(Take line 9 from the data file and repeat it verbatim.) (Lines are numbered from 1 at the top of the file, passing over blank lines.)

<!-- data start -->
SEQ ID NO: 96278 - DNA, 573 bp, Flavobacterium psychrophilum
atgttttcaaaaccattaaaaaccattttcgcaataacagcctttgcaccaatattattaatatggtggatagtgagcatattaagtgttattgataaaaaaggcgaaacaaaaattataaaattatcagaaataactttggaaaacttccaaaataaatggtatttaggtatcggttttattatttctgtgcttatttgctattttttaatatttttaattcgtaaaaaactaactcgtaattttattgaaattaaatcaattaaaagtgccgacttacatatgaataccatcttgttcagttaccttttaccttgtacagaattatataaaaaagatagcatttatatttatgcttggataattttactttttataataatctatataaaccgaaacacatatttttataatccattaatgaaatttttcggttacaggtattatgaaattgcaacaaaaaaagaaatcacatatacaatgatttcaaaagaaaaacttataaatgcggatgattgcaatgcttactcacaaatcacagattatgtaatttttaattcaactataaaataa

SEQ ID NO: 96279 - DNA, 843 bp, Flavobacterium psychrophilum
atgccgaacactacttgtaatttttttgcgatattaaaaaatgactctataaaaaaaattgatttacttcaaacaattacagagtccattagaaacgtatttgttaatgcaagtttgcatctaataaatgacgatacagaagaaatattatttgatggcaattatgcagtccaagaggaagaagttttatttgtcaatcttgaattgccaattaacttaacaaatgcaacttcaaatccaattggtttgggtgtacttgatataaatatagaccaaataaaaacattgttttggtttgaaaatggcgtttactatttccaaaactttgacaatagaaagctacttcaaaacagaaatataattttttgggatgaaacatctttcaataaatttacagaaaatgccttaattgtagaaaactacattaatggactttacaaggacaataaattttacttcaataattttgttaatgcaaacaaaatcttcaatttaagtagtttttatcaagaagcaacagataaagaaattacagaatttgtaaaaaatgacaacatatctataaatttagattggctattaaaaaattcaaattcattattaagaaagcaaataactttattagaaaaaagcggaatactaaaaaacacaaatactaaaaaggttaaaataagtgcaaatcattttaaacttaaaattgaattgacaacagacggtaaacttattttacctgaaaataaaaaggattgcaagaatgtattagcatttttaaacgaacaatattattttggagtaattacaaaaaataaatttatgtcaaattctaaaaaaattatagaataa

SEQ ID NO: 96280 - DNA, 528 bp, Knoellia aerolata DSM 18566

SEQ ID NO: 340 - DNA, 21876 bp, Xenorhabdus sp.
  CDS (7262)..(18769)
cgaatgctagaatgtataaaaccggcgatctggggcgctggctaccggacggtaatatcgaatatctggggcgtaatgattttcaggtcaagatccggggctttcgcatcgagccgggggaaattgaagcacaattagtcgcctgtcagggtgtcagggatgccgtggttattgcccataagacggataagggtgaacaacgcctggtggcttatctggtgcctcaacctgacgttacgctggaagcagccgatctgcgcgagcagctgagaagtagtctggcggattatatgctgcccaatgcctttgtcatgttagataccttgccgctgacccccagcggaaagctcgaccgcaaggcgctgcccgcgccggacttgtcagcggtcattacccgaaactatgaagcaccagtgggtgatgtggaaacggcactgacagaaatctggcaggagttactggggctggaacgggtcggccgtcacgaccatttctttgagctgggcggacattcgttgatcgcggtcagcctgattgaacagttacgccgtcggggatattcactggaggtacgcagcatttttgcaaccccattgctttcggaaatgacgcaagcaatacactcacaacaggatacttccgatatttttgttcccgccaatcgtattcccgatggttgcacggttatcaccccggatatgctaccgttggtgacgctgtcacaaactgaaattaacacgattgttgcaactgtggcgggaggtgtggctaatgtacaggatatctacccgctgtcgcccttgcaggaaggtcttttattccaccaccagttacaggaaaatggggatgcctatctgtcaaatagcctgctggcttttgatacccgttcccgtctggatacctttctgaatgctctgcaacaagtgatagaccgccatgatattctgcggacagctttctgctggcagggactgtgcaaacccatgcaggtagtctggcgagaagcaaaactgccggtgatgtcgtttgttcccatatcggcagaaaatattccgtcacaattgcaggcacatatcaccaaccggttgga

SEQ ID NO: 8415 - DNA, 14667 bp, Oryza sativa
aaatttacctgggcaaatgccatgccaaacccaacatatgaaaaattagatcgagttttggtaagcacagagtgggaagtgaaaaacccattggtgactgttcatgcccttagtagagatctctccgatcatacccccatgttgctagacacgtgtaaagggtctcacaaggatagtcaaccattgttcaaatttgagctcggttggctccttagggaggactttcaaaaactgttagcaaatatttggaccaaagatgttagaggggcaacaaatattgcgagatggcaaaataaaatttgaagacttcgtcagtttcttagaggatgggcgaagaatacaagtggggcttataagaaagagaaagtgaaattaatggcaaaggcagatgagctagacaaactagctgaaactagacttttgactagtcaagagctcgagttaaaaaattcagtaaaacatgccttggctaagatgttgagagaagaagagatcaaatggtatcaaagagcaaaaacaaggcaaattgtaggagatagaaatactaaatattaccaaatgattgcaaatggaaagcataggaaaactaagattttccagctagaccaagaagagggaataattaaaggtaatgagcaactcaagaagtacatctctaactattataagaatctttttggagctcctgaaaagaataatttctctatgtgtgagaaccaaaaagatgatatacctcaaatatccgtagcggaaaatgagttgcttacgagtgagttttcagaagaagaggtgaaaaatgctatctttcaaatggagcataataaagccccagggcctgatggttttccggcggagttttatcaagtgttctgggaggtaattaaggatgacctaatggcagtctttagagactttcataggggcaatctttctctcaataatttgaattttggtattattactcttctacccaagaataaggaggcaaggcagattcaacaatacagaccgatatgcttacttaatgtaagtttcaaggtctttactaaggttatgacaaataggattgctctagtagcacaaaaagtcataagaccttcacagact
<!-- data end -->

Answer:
SEQ ID NO: 8415 - DNA, 14667 bp, Oryza sativa